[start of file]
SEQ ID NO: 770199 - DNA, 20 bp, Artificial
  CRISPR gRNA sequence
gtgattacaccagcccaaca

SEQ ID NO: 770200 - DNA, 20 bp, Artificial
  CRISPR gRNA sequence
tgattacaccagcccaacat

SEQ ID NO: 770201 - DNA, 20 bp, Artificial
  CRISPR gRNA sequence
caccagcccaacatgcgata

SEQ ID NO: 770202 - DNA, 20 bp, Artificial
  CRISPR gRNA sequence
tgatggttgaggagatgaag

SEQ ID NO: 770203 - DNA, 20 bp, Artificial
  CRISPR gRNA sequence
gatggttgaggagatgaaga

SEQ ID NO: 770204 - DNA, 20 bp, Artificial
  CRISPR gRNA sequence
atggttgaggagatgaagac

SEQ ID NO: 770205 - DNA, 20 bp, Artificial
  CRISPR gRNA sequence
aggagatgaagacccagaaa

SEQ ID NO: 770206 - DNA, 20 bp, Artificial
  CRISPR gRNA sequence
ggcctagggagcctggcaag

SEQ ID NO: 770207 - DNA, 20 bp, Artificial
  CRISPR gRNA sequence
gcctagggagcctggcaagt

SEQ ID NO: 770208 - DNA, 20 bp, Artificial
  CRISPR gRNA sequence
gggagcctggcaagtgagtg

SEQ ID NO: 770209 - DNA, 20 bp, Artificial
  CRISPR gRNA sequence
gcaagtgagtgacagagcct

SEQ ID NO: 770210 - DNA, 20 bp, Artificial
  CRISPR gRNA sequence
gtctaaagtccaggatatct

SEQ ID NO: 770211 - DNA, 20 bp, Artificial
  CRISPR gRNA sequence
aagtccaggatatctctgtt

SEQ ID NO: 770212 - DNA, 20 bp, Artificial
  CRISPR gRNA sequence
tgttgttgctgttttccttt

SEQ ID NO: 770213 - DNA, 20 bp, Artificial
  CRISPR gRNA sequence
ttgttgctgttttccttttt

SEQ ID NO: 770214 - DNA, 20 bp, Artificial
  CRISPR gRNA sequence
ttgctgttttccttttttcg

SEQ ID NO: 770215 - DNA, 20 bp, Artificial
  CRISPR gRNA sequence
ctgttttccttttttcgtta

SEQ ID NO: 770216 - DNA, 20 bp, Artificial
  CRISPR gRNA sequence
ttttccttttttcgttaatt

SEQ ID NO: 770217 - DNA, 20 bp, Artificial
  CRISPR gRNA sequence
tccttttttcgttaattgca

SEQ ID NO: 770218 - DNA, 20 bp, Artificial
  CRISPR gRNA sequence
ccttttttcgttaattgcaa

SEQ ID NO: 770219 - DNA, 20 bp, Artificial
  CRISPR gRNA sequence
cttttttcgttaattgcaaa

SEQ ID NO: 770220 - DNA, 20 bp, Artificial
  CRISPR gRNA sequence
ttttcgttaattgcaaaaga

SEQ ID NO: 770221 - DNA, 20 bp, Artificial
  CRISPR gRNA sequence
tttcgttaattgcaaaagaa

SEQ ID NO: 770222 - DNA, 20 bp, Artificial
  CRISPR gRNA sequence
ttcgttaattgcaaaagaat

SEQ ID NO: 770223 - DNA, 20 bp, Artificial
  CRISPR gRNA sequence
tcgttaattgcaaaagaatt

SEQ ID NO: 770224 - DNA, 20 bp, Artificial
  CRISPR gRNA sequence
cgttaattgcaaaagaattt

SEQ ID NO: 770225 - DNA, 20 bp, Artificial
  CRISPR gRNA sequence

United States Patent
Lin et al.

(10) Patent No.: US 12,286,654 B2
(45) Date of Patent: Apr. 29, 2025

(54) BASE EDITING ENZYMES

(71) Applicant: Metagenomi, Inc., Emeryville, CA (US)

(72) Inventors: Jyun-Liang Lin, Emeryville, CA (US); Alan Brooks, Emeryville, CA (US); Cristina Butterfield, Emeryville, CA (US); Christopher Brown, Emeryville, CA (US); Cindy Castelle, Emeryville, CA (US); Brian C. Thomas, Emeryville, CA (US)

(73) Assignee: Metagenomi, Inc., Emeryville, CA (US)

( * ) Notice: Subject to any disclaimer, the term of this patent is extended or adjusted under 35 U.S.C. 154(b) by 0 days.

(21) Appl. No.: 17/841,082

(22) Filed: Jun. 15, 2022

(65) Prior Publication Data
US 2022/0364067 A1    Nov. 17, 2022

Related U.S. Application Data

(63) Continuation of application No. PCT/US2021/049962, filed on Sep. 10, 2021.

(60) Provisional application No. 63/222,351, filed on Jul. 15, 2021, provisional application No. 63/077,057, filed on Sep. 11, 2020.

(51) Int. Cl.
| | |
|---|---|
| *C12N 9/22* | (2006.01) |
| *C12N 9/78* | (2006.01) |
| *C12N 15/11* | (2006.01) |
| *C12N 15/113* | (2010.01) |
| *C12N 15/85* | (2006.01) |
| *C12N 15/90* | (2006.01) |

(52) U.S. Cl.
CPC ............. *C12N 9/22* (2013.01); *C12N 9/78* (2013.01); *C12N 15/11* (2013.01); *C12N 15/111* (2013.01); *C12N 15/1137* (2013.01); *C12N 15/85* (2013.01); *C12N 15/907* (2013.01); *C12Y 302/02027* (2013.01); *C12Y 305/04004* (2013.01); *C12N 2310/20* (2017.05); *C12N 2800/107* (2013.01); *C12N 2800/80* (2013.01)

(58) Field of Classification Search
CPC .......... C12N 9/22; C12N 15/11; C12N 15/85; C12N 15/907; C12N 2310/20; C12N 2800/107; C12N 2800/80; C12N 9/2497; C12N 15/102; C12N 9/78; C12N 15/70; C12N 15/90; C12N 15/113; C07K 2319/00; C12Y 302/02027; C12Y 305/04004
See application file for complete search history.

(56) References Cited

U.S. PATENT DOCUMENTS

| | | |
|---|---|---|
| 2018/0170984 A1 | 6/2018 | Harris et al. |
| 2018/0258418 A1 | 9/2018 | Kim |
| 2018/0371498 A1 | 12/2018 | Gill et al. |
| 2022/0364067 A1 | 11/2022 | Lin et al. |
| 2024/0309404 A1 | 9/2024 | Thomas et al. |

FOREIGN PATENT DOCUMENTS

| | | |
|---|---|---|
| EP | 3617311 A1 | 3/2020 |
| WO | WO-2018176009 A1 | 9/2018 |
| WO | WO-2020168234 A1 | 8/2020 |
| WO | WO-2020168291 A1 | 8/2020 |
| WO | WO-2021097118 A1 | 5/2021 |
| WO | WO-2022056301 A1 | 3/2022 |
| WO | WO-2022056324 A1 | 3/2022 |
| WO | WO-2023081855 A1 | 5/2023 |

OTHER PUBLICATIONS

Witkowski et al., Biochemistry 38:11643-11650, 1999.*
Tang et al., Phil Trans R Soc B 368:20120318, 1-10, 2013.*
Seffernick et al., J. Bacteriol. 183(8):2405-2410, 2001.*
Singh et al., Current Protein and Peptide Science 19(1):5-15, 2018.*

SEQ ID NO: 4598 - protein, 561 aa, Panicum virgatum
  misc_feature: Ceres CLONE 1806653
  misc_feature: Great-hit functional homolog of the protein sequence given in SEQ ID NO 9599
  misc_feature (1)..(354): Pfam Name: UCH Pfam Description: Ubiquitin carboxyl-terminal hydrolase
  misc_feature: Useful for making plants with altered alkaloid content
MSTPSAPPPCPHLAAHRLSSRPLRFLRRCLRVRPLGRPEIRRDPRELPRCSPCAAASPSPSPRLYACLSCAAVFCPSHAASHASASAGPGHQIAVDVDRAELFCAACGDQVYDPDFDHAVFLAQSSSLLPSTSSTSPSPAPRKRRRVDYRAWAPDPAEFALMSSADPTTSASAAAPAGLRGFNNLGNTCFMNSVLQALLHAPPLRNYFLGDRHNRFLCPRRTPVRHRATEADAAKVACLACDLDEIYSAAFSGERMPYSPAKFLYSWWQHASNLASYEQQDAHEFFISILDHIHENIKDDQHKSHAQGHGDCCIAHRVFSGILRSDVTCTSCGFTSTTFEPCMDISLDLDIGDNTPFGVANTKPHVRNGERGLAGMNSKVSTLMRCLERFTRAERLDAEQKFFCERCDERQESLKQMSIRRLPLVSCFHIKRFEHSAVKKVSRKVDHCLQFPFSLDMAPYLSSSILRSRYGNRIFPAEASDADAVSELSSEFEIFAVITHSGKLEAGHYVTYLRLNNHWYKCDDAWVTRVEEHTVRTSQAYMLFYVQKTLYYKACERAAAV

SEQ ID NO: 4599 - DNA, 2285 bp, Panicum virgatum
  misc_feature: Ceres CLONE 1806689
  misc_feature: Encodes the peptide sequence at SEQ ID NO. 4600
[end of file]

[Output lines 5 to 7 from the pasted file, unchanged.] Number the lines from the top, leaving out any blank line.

  CRISPR gRNA sequence
tgattacaccagcccaacat

SEQ ID NO: 770201 - DNA, 20 bp, Artificial